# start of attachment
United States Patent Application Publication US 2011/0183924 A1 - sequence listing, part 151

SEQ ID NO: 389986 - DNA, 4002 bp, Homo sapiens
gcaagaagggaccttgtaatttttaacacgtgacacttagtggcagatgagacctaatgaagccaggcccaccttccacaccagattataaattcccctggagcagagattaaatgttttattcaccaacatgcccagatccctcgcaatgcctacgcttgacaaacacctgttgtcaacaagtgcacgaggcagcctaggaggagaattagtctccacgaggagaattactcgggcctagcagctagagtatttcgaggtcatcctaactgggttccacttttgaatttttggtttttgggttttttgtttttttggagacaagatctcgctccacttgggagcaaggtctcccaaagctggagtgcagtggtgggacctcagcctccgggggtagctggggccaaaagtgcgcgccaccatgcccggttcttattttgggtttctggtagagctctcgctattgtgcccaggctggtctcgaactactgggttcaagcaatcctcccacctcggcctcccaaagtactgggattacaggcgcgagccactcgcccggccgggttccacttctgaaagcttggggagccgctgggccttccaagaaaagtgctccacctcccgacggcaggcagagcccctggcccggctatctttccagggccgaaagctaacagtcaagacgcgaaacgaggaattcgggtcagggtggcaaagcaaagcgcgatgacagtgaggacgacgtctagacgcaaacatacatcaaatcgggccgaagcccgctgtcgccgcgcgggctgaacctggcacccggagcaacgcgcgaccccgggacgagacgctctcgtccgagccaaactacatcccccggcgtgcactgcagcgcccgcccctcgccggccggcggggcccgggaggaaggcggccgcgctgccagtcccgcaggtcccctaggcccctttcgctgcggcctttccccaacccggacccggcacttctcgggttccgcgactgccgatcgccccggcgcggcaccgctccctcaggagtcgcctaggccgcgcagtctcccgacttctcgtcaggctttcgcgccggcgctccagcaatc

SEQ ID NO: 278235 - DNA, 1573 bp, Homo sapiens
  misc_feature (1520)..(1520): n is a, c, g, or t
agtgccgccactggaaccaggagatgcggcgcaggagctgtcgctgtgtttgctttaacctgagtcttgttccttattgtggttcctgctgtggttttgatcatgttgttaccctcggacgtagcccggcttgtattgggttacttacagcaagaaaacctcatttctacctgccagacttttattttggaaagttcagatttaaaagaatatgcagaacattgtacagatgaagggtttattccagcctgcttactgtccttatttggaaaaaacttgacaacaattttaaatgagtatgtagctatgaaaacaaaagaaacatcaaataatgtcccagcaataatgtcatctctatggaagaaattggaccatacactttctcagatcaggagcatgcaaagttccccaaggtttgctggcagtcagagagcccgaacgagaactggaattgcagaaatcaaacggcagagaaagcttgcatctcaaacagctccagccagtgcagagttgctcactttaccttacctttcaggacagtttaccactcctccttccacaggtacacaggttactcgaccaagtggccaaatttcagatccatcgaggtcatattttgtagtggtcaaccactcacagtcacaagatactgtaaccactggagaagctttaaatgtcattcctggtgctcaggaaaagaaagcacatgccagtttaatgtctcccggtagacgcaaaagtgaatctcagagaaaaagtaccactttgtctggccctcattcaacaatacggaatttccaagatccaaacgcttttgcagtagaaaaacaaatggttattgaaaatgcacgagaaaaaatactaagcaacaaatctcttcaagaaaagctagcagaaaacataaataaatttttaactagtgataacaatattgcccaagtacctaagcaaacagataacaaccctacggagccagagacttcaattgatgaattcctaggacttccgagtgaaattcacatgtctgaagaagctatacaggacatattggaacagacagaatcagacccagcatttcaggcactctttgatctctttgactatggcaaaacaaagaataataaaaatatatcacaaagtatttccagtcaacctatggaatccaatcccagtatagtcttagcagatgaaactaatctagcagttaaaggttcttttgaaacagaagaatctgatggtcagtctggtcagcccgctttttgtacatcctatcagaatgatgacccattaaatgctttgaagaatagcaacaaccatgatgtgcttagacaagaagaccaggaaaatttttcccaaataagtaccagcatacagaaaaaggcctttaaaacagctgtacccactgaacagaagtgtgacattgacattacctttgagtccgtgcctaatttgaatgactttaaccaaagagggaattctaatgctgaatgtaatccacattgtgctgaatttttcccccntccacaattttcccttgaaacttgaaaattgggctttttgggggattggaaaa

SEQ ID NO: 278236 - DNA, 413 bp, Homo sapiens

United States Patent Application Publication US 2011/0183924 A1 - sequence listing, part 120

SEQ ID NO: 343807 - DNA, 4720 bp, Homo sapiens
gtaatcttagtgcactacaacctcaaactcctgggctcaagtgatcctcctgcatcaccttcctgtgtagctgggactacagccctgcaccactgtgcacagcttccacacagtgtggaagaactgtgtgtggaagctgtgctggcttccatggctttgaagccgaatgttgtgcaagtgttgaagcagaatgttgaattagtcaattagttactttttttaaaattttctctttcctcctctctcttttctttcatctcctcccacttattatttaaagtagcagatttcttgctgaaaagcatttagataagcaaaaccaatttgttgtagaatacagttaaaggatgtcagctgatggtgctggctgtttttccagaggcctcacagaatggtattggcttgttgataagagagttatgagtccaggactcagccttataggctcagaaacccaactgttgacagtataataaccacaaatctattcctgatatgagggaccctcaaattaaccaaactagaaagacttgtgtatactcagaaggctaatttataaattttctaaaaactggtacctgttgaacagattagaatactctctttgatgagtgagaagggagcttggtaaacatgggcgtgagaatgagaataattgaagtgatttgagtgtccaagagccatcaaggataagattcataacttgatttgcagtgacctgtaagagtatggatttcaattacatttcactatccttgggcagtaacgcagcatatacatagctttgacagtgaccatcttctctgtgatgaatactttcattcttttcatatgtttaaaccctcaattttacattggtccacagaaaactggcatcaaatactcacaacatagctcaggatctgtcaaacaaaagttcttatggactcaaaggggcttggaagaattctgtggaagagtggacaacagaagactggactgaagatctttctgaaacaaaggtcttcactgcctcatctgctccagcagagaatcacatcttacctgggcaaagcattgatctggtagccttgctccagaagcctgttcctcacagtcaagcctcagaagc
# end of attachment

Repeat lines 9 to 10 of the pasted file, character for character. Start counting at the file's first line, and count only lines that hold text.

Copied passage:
SEQ ID NO: 343807 - DNA, 4720 bp, Homo sapiens
gtaatcttagtgcactacaacctcaaactcctgggctcaagtgatcctcctgcatcaccttcctgtgtagctgggactacagccctgcaccactgtgcacagcttccacacagtgtggaagaactgtgtgtggaagctgtgctggcttccatggctttgaagccgaatgttgtgcaagtgttgaagcagaatgttgaattagtcaattagttactttttttaaaattttctctttcctcctctctcttttctttcatctcctcccacttattatttaaagtagcagatttcttgctgaaaagcatttagataagcaaaaccaatttgttgtagaatacagttaaaggatgtcagctgatggtgctggctgtttttccagaggcctcacagaatggtattggcttgttgataagagagttatgagtccaggactcagccttataggctcagaaacccaactgttgacagtataataaccacaaatctattcctgatatgagggaccctcaaattaaccaaactagaaagacttgtgtatactcagaaggctaatttataaattttctaaaaactggtacctgttgaacagattagaatactctctttgatgagtgagaagggagcttggtaaacatgggcgtgagaatgagaataattgaagtgatttgagtgtccaagagccatcaaggataagattcataacttgatttgcagtgacctgtaagagtatggatttcaattacatttcactatccttgggcagtaacgcagcatatacatagctttgacagtgaccatcttctctgtgatgaatactttcattcttttcatatgtttaaaccctcaattttacattggtccacagaaaactggcatcaaatactcacaacatagctcaggatctgtcaaacaaaagttcttatggactcaaaggggcttggaagaattctgtggaagagtggacaacagaagactggactgaagatctttctgaaacaaaggtcttcactgcctcatctgctccagcagagaatcacatcttacctgggcaaagcattgatctggtagccttgctccagaagcctgttcctcacagtcaagcctcagaagc